Hungary—a country with a growing wine export market—is composed of 22 wine regions. Despite winemaking playing an important role in Hungarian culture for hundreds of years, the country has not been as well-renowned globally as countries like France, Italy, and Germany. Tokaji—a sweet wine from the northeast region of Tokaj—is perhaps the most well-known Hungarian wine, but other wines of great value are produced in the country. For this reason, protection of Hungarian wine from wine fraud and forgery through the generation of a wine map of origin is of great importance.
Novel Tools and Partnerships
New, innovative tools are being developed to advance wine authenticity and identification methods. Nuclear magnetic resonance (NMR) is a powerful technique capable of making precise measurements of thousands of different wines, and its recent adoption in Hungary is providing wine customers and producers with confidence and trust in the content and origin of their wine. NMR has been used in western Europe for a number of years, but Hungary is the first eastern European country to adopt it.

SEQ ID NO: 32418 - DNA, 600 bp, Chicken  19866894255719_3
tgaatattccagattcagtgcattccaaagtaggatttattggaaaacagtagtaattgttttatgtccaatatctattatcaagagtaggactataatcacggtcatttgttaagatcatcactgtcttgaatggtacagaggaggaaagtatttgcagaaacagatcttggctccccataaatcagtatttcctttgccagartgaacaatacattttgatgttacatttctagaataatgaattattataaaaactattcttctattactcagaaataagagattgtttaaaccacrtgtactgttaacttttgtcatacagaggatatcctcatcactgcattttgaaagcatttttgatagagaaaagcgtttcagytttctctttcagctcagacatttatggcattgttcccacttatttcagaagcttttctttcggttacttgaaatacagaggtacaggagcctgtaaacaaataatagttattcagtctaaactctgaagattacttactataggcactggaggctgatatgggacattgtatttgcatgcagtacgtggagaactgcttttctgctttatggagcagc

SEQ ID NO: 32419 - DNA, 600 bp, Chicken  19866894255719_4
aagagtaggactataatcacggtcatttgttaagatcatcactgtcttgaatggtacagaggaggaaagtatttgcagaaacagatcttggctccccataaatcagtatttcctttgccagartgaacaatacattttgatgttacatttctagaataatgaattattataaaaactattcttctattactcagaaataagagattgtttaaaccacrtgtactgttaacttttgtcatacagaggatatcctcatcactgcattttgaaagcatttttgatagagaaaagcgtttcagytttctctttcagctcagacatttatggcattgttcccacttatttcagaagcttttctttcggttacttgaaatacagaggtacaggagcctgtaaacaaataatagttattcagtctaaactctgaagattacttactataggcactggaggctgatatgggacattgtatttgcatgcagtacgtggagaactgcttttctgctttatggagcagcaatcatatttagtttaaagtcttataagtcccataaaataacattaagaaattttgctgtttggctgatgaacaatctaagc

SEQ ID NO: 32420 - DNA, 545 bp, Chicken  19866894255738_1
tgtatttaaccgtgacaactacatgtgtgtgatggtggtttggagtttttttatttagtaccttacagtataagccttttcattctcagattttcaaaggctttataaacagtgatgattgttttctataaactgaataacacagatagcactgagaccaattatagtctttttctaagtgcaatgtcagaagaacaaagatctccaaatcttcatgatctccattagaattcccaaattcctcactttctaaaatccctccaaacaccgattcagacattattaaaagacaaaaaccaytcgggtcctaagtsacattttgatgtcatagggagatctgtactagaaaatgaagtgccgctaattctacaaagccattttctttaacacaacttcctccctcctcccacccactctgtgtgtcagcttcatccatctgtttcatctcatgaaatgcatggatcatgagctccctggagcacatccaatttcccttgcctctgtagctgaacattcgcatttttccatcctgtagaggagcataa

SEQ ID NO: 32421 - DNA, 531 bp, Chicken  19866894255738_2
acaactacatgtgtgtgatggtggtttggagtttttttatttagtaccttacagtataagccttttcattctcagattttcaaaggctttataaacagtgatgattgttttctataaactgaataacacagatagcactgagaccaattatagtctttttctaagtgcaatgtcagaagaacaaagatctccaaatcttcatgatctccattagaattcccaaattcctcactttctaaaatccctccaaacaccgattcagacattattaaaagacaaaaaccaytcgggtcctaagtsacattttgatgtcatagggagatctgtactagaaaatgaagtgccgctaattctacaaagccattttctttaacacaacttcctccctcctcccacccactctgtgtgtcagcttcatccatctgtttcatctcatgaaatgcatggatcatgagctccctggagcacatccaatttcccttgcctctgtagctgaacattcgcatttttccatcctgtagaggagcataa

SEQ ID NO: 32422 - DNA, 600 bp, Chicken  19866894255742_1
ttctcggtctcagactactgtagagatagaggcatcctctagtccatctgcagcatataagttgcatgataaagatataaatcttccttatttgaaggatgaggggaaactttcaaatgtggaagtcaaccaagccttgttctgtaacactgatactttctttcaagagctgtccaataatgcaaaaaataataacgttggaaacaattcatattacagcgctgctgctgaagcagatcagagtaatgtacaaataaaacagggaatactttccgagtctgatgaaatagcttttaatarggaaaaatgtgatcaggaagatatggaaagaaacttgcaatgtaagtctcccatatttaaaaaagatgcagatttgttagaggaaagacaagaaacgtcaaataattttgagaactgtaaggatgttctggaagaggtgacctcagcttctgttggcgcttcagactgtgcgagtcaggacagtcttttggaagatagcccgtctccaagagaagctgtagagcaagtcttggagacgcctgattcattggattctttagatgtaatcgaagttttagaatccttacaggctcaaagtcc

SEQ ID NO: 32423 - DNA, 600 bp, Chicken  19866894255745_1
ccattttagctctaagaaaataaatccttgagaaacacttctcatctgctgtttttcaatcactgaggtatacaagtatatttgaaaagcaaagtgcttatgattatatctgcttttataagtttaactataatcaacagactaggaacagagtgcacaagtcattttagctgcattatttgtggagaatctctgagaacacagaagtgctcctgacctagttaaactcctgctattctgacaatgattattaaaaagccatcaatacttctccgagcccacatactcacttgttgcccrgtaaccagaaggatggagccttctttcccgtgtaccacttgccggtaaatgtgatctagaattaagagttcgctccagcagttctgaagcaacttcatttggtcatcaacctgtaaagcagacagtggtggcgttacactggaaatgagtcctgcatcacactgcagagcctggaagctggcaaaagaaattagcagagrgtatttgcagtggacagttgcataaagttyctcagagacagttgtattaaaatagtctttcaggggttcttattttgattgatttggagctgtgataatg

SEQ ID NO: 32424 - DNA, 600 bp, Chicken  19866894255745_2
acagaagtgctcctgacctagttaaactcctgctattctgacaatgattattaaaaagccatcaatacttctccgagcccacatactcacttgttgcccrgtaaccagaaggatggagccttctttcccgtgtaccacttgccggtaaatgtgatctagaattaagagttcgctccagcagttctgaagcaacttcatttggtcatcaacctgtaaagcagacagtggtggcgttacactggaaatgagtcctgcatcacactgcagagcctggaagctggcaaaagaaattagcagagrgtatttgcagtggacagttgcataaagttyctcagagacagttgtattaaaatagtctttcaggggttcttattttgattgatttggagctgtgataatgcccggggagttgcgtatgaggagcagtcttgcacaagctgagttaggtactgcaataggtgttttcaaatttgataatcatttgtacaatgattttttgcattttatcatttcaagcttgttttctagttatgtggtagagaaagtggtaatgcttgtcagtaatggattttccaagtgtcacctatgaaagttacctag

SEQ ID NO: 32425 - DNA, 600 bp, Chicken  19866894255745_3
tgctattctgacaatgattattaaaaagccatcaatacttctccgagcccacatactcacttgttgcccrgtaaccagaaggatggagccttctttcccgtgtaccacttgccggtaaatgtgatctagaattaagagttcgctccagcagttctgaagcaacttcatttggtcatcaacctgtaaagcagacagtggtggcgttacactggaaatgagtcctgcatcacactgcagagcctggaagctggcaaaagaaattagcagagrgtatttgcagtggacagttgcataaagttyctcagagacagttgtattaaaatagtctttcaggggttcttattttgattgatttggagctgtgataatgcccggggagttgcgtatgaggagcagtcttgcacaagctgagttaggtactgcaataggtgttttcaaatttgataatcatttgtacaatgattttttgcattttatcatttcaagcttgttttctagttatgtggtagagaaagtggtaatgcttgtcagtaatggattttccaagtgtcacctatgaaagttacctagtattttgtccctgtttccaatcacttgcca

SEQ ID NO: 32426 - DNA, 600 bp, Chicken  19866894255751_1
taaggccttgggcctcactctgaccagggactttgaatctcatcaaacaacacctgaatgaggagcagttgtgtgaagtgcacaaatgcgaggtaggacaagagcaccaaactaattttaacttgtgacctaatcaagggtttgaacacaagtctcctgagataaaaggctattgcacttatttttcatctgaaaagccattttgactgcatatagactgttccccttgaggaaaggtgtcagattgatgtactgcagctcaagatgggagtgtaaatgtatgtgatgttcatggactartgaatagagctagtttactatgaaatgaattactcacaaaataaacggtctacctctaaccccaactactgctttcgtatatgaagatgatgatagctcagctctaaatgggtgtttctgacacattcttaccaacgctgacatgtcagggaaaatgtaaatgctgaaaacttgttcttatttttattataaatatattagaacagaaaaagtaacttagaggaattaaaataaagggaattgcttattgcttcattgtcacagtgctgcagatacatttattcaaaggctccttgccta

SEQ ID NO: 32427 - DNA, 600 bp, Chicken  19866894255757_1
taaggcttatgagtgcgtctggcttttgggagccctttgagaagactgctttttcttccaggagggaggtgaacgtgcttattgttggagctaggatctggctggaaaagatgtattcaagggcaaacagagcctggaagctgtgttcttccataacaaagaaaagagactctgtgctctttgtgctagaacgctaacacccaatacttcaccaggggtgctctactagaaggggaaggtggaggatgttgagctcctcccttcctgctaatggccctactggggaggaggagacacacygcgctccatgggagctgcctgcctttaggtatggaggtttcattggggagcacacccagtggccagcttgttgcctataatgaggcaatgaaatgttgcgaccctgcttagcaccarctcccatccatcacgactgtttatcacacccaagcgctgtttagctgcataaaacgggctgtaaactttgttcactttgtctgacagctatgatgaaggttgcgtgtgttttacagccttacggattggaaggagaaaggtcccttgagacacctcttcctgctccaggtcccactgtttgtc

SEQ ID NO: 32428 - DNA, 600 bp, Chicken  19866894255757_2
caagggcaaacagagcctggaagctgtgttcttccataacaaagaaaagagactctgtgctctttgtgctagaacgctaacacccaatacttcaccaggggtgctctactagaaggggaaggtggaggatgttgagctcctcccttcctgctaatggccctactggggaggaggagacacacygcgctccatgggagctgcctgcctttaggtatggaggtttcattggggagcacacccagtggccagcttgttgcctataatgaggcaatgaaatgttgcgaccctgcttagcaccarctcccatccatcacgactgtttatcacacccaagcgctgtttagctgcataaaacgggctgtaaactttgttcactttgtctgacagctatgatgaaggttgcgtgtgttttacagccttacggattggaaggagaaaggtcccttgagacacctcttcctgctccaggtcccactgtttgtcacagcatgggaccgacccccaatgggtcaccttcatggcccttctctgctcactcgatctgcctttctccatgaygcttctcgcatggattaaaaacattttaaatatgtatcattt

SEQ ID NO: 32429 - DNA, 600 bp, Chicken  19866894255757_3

The Hungarian Ministry of Agriculture and Diagnosticum Zrt., a Hungarian diagnostics company, have been working together in recent years to achieve two goals: 1) to develop a wine map of origin and 2) to contribute data on Hungarian wines to the existing international database. The recognition of a need of alliance between the Ministry and Hungarian wine associations led to the signing of a contract in July 2017, propelling the Hungarian wine authentication and identification program through the use of innovative technology.